Laoisa Sexton and John Keating in “The Pigeon in the Taj Mahal.”
By Orla O’Sullivan
“C’m here, I’ll tell you a question,” Laoisa Sexton’s character repeatedly asks John Keating’s in Sexton’s latest play, “The Pigeon in the Taj Mahal.” To add to Lorraine’s idiosyncratic turns of phrase, she pronounces “question” as “KEH-stion,” with the accent of a settled traveler.
Keating, whose idiosyncrasies include being known only as Pigeon, responds in his own distinctive, oblique way, frequently repeating favorite lyrics in his nervous prattle. He: “We’re caught in a trap.” She: “What’s that supposed to mean?” He: “Elvis.”
She’s trying to figure out how she came to be in a tiny caravan, caught in a ‘70 time-trap, dated by décor such as fake wood paneling or “beauty board,” that’s inhabited by a strange man with a shock of hair. Her head hurts from drink and a blow, presumably received at the same time as her leg got bashed.
He also finds her to be a creature from another universe, not just because he is unused to company. She’s young and attractive, her bottom barely covered by a tutu, and a tiara on her head.
“Bridie,” he muses, “you don’t seem like a Bridie,” until it dawns on him that the label is “bride” (she got separated from her bachelorette party). Pigeon assures Lorraine, passed out on his bench, that she’ll make a good wife because she’s not “a confrontating personality.”
He’s in for a bit of a shock when she comes around, although he correctly deduced earlier that Lorraine is a Gemini, therefore “unpredictable.” (He, a Scorpio, is “loyal and good at living alone.”)
For Lorraine, Pigeon defies classification. What to make of a man who says, “Your hair smells of coconut. You smell like a Bounty Bar… Mammy used to eat them without her teeth in.” The audience knows Pigeon is also lost since his mother’s tragic death, the only significant, if somewhat smothering person in his life.
Lorraine cannot fit Pigeon in to her frame of reference. She assumes that, like other men, he wants something from her. At one point, she thinks she has it: he’s a defrocked, pedophile priest! “Oh no,” I don’t like priests,” he says, earnestly, adding meaningfully, “they’re always sniffing around for a bit of cake.” We in the audience know that he is mourning his pet rabbit, squashed by the fat, sweet-toothed priest who sat on him.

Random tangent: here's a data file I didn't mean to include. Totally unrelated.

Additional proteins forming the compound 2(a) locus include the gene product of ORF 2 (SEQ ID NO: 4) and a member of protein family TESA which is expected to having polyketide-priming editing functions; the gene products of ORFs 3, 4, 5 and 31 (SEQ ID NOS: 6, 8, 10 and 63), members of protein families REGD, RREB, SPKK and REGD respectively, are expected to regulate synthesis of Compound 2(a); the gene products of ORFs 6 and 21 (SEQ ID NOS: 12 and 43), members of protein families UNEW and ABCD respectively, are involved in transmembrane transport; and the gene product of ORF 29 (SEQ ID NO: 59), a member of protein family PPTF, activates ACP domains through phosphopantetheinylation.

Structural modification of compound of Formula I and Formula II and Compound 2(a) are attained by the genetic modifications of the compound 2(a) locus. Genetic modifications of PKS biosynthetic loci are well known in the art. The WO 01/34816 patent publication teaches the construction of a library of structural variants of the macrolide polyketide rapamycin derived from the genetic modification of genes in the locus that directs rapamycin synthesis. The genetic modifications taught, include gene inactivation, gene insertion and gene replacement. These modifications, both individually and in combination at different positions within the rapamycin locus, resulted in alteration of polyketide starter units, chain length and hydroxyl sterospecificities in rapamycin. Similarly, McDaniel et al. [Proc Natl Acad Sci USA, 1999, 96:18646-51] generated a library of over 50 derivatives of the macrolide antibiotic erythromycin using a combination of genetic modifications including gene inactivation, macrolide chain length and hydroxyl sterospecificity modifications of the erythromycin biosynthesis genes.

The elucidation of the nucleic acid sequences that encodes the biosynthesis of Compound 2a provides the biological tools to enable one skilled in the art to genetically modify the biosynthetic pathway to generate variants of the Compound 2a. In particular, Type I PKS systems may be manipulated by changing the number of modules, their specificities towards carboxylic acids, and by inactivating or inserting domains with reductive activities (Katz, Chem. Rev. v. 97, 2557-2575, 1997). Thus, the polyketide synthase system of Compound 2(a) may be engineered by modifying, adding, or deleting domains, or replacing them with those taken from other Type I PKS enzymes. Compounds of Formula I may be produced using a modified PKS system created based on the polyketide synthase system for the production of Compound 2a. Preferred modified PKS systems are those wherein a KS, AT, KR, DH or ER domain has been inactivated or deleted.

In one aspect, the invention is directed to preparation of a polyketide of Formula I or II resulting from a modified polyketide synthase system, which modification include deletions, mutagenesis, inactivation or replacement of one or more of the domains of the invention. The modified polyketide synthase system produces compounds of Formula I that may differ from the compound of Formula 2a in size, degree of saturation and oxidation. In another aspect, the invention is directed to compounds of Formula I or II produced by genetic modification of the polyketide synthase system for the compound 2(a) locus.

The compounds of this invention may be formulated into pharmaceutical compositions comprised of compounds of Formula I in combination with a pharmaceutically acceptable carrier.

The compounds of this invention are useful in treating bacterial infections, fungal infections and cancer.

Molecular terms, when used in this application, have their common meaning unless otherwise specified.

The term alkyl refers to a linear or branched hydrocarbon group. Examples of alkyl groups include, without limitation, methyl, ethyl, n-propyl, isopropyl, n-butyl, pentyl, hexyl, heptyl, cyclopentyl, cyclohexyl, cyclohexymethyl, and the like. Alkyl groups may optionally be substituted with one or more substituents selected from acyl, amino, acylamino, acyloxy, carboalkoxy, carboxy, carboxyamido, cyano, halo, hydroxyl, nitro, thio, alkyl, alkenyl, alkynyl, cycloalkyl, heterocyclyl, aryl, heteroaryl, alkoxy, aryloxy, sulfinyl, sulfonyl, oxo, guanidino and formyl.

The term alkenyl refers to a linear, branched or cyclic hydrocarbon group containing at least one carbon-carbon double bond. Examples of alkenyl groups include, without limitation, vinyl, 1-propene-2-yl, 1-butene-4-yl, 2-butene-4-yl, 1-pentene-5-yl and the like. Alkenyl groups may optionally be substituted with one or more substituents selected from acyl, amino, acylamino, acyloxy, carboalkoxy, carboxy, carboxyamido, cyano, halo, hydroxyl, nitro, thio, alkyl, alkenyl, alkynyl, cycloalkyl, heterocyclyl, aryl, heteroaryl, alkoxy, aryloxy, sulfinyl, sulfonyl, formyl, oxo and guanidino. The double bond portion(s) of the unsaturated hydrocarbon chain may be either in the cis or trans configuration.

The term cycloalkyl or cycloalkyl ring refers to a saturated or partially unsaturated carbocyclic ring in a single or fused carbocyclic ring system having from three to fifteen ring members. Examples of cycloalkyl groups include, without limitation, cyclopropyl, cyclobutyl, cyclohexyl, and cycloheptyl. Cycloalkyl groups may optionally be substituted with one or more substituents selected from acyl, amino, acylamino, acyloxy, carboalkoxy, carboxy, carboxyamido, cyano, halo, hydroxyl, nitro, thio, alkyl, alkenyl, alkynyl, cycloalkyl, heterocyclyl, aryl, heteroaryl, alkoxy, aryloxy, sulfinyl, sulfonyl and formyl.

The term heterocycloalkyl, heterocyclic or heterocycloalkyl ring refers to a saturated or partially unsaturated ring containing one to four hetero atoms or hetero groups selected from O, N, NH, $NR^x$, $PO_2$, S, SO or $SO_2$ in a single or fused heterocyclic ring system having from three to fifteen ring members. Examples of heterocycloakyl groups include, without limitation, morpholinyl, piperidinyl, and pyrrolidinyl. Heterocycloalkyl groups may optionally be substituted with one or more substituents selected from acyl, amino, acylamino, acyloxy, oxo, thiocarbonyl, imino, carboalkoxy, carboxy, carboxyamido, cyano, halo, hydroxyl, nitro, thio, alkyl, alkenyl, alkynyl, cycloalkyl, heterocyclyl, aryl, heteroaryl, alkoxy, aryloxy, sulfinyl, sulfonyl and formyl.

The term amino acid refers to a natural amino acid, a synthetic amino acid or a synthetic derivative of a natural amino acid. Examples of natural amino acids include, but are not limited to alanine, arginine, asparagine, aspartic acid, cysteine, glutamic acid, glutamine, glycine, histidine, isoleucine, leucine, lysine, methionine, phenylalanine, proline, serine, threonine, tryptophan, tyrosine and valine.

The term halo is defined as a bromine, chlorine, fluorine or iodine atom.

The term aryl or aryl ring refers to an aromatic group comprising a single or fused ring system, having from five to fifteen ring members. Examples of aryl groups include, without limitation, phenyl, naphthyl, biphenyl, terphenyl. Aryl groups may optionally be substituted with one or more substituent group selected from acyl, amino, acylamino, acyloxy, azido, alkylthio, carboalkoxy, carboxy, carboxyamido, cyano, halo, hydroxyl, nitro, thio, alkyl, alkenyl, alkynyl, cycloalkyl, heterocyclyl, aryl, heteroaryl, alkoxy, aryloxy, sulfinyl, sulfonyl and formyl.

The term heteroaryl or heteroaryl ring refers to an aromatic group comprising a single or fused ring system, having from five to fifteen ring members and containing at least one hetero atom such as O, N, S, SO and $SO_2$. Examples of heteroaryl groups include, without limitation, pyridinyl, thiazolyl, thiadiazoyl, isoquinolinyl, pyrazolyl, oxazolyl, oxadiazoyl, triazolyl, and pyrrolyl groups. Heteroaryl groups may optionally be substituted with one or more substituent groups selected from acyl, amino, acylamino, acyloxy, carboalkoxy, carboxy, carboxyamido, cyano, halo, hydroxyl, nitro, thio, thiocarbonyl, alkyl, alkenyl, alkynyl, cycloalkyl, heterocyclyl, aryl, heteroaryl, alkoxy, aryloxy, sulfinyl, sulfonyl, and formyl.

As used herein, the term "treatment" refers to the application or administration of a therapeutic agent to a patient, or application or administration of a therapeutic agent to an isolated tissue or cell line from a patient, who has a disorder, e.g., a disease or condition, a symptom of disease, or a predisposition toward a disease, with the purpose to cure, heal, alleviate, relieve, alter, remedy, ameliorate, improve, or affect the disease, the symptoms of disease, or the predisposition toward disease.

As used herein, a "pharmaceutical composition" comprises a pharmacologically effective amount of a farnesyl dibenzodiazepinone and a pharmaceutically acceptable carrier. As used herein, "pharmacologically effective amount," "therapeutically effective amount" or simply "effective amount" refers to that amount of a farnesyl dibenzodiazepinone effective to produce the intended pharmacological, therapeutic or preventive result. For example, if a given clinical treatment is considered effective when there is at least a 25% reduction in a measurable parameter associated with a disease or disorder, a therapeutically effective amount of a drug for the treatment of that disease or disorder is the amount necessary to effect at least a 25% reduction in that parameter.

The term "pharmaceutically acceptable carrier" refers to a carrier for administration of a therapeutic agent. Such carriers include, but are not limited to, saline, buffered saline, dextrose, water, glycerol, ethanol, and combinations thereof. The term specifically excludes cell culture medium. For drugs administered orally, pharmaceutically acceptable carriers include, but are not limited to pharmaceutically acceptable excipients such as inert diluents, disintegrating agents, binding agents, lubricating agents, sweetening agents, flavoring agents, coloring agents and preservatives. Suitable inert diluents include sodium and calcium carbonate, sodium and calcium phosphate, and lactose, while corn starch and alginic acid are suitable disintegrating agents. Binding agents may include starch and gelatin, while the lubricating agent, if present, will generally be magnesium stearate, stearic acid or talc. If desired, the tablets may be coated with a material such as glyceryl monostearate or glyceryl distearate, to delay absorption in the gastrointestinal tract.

Lorraine struggles to get his drift as her over sexualized, utilitarian references pass him by. So do all the modern references, including that of her missing iPhone. “iPhone? I phone. You phone,” he plays back with the eager simplicity of a child.
Yet, for whatever mental or social deficiency Pigeon has, he can also reel off facts like an idiot savant. This frustrates Lorraine further, as when she struggles to establish that the Taj Mahal in which she is situated is not in India but a pompously named caravan park outside Kilkee, Co. Clare.
“What are you, f***ing Wikipedia?!” she says but the accused cannot understand the charge. He still fears banshees, knows the meanderings of a local goat, and exactly how moonlight falls on the path into town.
It was there that Lorraine had been at a licentious nightclub before getting lost—or found. Slowly, Pigeon’s winning way shows her another way of being. Keating is phenomenal, portraying a character so guileless as to make you ache. Sexton is also excellent, allowing some vulnerability to peep through the largely feigned ferocity her world requires.
The contrast of the two worlds is underscored when Josie, Lorraine’s groom-to-be for a flashy wedding, all on credit, appears. Johnny Hopkins doesn’t have the bulk you’d expect for the brute described—someone who makes his muscles shine with Vaseline— but he does impart menace.
Zoe Watkins, as Lorraine’s reveler aunt has a horribly distracting, rootless accent, but she moves the plot along and is a foil for the unlikely chemistry that has developed between Pigeon and Lorraine.
Like the play itself, it’s unlikely and inspired. Alternatively highly amusing, touching, and gripping, it left this viewer sick with nerves for part of the fleeting 95 minutes.
Sexton has had two plays produced for the New York stage in recent times – the diverting “For Love” and “The Last Days of Cleopatra” – but her third is the best so far.
“The Pigeon in the Taj Mahal,” which is directed by Alan Cox, opened Sunday. It will play at the Irish Repertory Theatre through Dec. 31 (www.irishrep.org).